Business Week: Are The Copyright Wars Chilling Innovation?
Business Week is not exactly known for being radical. But in this commentary, they express the same concern I have about the current state of copyright law in the U.S. [via Michael Geist's Internet Law News]:
Today's turmoil over copyrights contains a disturbing new twist, however. Digital technology -- from MP3 players to software that makes it easy to build Web pages -- shatters almost all of the technical barriers to duplicating and sharing copyrighted works. That has caused unparalleled anxiety among copyright holders. As a result, music and movie companies have adopted a strategy of targeting digital technology itself as well as those who design it and those who use it.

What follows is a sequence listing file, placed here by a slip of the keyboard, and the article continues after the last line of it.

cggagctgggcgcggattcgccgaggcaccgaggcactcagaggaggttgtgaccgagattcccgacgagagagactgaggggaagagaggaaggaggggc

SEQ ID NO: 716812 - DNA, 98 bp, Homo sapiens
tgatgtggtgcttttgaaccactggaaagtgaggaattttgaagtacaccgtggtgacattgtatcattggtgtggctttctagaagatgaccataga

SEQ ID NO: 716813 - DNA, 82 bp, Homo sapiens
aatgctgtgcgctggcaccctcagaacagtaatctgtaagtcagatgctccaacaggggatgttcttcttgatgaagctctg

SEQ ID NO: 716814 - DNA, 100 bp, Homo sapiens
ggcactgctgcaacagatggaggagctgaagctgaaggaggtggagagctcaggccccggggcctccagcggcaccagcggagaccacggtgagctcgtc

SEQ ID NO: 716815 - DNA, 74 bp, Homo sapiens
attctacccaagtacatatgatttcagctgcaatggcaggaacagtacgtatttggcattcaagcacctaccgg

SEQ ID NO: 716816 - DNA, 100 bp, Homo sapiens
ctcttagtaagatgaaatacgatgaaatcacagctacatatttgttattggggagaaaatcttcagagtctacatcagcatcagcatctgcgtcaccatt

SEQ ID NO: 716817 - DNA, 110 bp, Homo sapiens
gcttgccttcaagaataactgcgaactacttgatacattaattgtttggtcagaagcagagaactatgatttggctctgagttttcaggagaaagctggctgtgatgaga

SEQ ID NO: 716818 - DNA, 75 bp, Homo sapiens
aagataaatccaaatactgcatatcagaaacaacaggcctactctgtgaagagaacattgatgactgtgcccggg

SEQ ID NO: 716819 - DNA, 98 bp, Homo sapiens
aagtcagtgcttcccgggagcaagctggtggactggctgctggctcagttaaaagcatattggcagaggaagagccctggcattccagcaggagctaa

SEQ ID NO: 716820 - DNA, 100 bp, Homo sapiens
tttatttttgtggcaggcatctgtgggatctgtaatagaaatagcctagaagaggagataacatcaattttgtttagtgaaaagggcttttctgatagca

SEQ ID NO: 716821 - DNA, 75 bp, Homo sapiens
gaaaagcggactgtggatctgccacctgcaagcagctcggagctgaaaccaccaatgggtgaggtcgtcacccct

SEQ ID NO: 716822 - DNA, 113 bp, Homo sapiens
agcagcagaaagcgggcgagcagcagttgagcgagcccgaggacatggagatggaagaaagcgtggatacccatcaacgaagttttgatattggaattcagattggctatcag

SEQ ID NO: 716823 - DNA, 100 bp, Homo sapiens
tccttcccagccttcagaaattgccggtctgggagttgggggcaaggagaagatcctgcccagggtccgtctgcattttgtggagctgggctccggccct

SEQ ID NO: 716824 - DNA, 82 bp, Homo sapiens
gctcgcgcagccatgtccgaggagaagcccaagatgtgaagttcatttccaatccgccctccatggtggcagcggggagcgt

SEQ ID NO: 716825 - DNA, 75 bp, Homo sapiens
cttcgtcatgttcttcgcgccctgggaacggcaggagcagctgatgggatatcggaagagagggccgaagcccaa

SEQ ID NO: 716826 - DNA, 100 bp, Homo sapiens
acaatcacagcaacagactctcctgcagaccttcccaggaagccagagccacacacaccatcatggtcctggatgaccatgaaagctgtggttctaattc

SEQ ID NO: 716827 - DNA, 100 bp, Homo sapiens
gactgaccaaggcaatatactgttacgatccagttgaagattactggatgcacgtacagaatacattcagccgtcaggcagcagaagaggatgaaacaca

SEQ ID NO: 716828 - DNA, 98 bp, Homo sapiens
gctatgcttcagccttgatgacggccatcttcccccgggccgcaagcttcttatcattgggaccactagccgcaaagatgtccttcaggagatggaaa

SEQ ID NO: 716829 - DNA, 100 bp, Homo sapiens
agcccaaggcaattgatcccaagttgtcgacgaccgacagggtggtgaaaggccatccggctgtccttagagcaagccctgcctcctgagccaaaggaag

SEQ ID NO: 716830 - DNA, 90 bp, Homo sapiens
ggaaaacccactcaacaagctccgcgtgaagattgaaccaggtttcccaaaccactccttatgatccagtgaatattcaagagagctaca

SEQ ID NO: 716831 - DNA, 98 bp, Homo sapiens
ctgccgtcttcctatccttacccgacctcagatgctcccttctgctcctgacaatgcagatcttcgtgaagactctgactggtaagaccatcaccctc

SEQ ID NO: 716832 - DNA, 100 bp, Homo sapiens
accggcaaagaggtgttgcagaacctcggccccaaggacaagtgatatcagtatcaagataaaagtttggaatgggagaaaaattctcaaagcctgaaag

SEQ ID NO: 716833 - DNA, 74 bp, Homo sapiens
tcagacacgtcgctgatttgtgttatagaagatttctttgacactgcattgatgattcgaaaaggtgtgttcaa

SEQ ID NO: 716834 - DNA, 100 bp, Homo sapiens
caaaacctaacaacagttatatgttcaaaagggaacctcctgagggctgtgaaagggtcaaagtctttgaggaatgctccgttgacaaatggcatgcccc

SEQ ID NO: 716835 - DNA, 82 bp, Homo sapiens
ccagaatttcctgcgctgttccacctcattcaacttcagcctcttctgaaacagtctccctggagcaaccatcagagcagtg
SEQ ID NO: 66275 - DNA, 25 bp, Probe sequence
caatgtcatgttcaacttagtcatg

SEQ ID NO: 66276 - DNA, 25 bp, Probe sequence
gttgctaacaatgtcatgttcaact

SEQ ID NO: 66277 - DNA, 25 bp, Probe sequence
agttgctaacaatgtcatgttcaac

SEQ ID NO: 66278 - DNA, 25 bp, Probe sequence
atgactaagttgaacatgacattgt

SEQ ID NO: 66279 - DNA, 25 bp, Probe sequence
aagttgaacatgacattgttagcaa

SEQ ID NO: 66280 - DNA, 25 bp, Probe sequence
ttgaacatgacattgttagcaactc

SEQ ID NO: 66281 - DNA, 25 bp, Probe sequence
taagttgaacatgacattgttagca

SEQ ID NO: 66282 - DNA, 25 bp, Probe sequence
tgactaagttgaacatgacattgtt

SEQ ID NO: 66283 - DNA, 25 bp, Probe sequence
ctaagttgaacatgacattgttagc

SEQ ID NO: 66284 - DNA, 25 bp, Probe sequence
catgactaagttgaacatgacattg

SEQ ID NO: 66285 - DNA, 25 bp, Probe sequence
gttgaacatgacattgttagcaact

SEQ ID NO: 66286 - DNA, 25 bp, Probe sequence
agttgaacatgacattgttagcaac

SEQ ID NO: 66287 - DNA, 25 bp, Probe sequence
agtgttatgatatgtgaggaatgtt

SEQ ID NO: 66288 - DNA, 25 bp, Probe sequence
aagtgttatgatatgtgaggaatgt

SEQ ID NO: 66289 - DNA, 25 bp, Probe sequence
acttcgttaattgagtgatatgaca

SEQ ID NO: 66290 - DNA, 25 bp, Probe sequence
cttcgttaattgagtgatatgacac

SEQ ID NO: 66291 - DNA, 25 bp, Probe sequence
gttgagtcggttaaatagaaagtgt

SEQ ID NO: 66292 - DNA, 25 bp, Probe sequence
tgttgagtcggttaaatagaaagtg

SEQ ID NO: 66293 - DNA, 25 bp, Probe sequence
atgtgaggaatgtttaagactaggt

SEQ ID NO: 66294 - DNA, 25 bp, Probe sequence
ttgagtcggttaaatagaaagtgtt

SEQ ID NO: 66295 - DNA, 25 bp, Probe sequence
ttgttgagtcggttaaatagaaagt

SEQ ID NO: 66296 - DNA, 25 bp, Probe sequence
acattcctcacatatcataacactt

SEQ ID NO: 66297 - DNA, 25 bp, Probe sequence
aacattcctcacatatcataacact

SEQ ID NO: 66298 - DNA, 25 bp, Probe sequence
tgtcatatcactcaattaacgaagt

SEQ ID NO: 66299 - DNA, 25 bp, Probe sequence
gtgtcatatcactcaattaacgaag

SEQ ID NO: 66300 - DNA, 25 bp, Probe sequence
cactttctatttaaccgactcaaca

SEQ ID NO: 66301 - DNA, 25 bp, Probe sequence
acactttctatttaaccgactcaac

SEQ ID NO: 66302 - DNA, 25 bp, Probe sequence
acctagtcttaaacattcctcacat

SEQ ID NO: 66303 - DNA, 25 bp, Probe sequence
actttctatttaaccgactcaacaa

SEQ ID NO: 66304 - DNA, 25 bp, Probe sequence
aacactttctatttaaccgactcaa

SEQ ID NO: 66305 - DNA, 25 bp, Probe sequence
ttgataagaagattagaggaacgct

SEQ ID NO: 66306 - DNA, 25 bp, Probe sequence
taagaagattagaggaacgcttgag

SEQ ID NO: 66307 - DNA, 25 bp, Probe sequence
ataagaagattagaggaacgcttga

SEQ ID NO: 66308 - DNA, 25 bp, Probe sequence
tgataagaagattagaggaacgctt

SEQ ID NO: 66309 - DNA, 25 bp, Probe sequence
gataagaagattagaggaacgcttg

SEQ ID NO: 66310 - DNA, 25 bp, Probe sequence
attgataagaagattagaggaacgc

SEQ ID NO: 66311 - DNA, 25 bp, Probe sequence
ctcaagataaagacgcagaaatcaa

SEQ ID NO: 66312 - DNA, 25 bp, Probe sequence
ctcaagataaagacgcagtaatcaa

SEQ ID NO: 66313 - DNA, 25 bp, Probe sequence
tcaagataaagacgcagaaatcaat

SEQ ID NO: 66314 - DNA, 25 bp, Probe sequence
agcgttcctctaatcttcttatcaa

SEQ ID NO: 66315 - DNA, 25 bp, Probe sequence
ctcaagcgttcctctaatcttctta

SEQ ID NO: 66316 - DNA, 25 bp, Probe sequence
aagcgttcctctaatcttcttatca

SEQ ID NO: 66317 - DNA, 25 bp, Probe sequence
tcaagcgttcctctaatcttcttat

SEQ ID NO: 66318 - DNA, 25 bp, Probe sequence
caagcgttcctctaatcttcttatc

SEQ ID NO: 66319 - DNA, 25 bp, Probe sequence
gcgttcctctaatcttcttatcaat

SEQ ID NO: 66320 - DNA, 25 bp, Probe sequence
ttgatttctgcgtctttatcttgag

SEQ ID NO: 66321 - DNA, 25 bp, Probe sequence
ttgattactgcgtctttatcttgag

In time this could threaten the delicate balance between copy protection and technical innovation. The intent of copyright law in the U.S. is to promote learning and innovation while giving artists, musicians, and writers a limited monopoly on their work. The goal isn't to assure that artists or intellectuals make oodles of cash.
Justice (Civil Liberties, so-called Intellectual Property, Privacy & Secrecy); Politics & Government (International, National, State, Local); Humor (Irony & the Funny or Unusual); Science & Technology (Astronomy, Computers, the Internet, e-Voting, Crypto, Physics & Space); Communication (Books, Film, Media, Music & the English Language); Economics (Corporatism & Consumerism); and Items of Purely Personal Note (including Genealogy, Photography, Religion & Spirituality).